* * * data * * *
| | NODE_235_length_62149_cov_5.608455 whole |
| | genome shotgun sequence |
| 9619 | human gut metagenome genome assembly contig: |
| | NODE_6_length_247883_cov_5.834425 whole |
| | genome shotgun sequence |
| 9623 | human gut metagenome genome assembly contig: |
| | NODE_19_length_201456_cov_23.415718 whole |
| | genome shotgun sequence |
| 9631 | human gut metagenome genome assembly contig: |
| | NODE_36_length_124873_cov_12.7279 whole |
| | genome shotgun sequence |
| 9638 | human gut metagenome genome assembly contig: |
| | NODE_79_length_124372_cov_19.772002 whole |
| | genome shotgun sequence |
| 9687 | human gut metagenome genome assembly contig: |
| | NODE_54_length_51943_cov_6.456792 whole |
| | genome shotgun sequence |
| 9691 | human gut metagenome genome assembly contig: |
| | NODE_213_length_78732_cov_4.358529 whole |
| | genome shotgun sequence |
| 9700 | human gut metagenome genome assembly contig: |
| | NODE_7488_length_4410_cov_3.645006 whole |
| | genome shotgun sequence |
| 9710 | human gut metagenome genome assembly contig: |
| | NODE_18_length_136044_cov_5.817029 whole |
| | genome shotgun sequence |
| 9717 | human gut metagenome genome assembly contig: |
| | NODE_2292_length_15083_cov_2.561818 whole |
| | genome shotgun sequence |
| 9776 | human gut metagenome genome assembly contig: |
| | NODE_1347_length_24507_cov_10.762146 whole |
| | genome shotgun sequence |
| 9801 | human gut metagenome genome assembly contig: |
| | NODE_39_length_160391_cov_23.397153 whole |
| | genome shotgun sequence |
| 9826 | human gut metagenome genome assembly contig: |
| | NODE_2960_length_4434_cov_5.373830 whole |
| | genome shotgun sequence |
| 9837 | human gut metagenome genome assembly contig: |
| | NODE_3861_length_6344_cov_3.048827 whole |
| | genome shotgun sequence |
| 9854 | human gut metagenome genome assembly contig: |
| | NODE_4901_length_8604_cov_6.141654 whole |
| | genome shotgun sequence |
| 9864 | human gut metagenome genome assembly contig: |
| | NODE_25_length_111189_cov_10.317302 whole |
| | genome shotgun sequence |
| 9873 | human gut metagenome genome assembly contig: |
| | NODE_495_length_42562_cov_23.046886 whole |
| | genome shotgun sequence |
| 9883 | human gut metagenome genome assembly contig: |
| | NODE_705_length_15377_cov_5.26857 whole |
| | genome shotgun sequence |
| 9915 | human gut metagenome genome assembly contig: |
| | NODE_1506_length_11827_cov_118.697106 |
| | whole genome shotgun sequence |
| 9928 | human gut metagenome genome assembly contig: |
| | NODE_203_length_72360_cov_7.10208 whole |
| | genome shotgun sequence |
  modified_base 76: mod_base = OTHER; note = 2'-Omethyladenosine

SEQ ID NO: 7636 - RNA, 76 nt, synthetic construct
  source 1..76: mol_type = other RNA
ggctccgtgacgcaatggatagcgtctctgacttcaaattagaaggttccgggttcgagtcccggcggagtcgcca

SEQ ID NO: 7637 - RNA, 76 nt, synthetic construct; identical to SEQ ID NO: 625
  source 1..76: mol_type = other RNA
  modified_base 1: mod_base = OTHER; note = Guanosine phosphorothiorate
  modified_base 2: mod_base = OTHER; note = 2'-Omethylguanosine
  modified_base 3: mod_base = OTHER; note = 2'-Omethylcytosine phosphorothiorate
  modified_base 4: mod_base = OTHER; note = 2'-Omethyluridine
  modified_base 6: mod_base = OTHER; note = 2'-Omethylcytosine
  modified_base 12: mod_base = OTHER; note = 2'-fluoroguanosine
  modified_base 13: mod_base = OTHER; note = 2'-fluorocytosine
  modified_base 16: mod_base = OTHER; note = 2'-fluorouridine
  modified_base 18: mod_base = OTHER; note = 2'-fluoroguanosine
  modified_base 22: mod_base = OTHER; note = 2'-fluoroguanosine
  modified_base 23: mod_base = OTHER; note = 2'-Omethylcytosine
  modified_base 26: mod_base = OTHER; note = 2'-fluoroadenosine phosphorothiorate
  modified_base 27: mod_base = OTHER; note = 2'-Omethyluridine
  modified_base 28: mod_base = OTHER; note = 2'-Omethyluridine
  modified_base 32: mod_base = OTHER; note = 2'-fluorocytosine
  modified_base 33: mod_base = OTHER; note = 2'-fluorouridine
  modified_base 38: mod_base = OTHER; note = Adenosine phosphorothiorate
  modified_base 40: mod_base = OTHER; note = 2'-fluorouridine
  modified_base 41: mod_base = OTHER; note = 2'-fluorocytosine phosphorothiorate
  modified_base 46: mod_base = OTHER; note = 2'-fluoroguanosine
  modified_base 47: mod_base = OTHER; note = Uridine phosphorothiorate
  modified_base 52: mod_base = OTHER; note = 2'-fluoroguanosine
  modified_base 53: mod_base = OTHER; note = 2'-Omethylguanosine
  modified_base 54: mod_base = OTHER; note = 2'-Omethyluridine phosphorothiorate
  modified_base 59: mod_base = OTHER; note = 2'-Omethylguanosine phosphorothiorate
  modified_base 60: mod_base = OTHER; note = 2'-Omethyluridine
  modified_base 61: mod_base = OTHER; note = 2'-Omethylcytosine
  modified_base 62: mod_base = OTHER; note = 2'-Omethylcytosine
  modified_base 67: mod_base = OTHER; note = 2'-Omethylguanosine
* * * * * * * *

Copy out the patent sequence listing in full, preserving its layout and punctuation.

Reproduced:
| | NODE_235_length_62149_cov_5.608455 whole |
| | genome shotgun sequence |
| 9619 | human gut metagenome genome assembly contig: |
| | NODE_6_length_247883_cov_5.834425 whole |
| | genome shotgun sequence |
| 9623 | human gut metagenome genome assembly contig: |
| | NODE_19_length_201456_cov_23.415718 whole |
| | genome shotgun sequence |
| 9631 | human gut metagenome genome assembly contig: |
| | NODE_36_length_124873_cov_12.7279 whole |
| | genome shotgun sequence |
| 9638 | human gut metagenome genome assembly contig: |
| | NODE_79_length_124372_cov_19.772002 whole |
| | genome shotgun sequence |
| 9687 | human gut metagenome genome assembly contig: |
| | NODE_54_length_51943_cov_6.456792 whole |
| | genome shotgun sequence |
| 9691 | human gut metagenome genome assembly contig: |
| | NODE_213_length_78732_cov_4.358529 whole |
| | genome shotgun sequence |
| 9700 | human gut metagenome genome assembly contig: |
| | NODE_7488_length_4410_cov_3.645006 whole |
| | genome shotgun sequence |
| 9710 | human gut metagenome genome assembly contig: |
| | NODE_18_length_136044_cov_5.817029 whole |
| | genome shotgun sequence |
| 9717 | human gut metagenome genome assembly contig: |
| | NODE_2292_length_15083_cov_2.561818 whole |
| | genome shotgun sequence |
| 9776 | human gut metagenome genome assembly contig: |
| | NODE_1347_length_24507_cov_10.762146 whole |
| | genome shotgun sequence |
| 9801 | human gut metagenome genome assembly contig: |
| | NODE_39_length_160391_cov_23.397153 whole |
| | genome shotgun sequence |
| 9826 | human gut metagenome genome assembly contig: |
| | NODE_2960_length_4434_cov_5.373830 whole |
| | genome shotgun sequence |
| 9837 | human gut metagenome genome assembly contig: |
| | NODE_3861_length_6344_cov_3.048827 whole |
| | genome shotgun sequence |
| 9854 | human gut metagenome genome assembly contig: |
| | NODE_4901_length_8604_cov_6.141654 whole |
| | genome shotgun sequence |
| 9864 | human gut metagenome genome assembly contig: |
| | NODE_25_length_111189_cov_10.317302 whole |
| | genome shotgun sequence |
| 9873 | human gut metagenome genome assembly contig: |
| | NODE_495_length_42562_cov_23.046886 whole |
| | genome shotgun sequence |
| 9883 | human gut metagenome genome assembly contig: |
| | NODE_705_length_15377_cov_5.26857 whole |
| | genome shotgun sequence |
| 9915 | human gut metagenome genome assembly contig: |
| | NODE_1506_length_11827_cov_118.697106 |
| | whole genome shotgun sequence |
| 9928 | human gut metagenome genome assembly contig: |
| | NODE_203_length_72360_cov_7.10208 whole |
| | genome shotgun sequence |
  modified_base 76: mod_base = OTHER; note = 2'-Omethyladenosine

SEQ ID NO: 7636 - RNA, 76 nt, synthetic construct
  source 1..76: mol_type = other RNA
ggctccgtgacgcaatggatagcgtctctgacttcaaattagaaggttccgggttcgagtcccggcggagtcgcca

SEQ ID NO: 7637 - RNA, 76 nt, synthetic construct; identical to SEQ ID NO: 625
  source 1..76: mol_type = other RNA
  modified_base 1: mod_base = OTHER; note = Guanosine phosphorothiorate
  modified_base 2: mod_base = OTHER; note = 2'-Omethylguanosine
  modified_base 3: mod_base = OTHER; note = 2'-Omethylcytosine phosphorothiorate
  modified_base 4: mod_base = OTHER; note = 2'-Omethyluridine
  modified_base 6: mod_base = OTHER; note = 2'-Omethylcytosine
  modified_base 12: mod_base = OTHER; note = 2'-fluoroguanosine
  modified_base 13: mod_base = OTHER; note = 2'-fluorocytosine
  modified_base 16: mod_base = OTHER; note = 2'-fluorouridine
  modified_base 18: mod_base = OTHER; note = 2'-fluoroguanosine
  modified_base 22: mod_base = OTHER; note = 2'-fluoroguanosine
  modified_base 23: mod_base = OTHER; note = 2'-Omethylcytosine
  modified_base 26: mod_base = OTHER; note = 2'-fluoroadenosine phosphorothiorate
  modified_base 27: mod_base = OTHER; note = 2'-Omethyluridine
  modified_base 28: mod_base = OTHER; note = 2'-Omethyluridine
  modified_base 32: mod_base = OTHER; note = 2'-fluorocytosine
  modified_base 33: mod_base = OTHER; note = 2'-fluorouridine
  modified_base 38: mod_base = OTHER; note = Adenosine phosphorothiorate
  modified_base 40: mod_base = OTHER; note = 2'-fluorouridine
  modified_base 41: mod_base = OTHER; note = 2'-fluorocytosine phosphorothiorate
  modified_base 46: mod_base = OTHER; note = 2'-fluoroguanosine
  modified_base 47: mod_base = OTHER; note = Uridine phosphorothiorate
  modified_base 52: mod_base = OTHER; note = 2'-fluoroguanosine
  modified_base 53: mod_base = OTHER; note = 2'-Omethylguanosine
  modified_base 54: mod_base = OTHER; note = 2'-Omethyluridine phosphorothiorate
  modified_base 59: mod_base = OTHER; note = 2'-Omethylguanosine phosphorothiorate
  modified_base 60: mod_base = OTHER; note = 2'-Omethyluridine
  modified_base 61: mod_base = OTHER; note = 2'-Omethylcytosine
  modified_base 62: mod_base = OTHER; note = 2'-Omethylcytosine
  modified_base 67: mod_base = OTHER; note = 2'-Omethylguanosine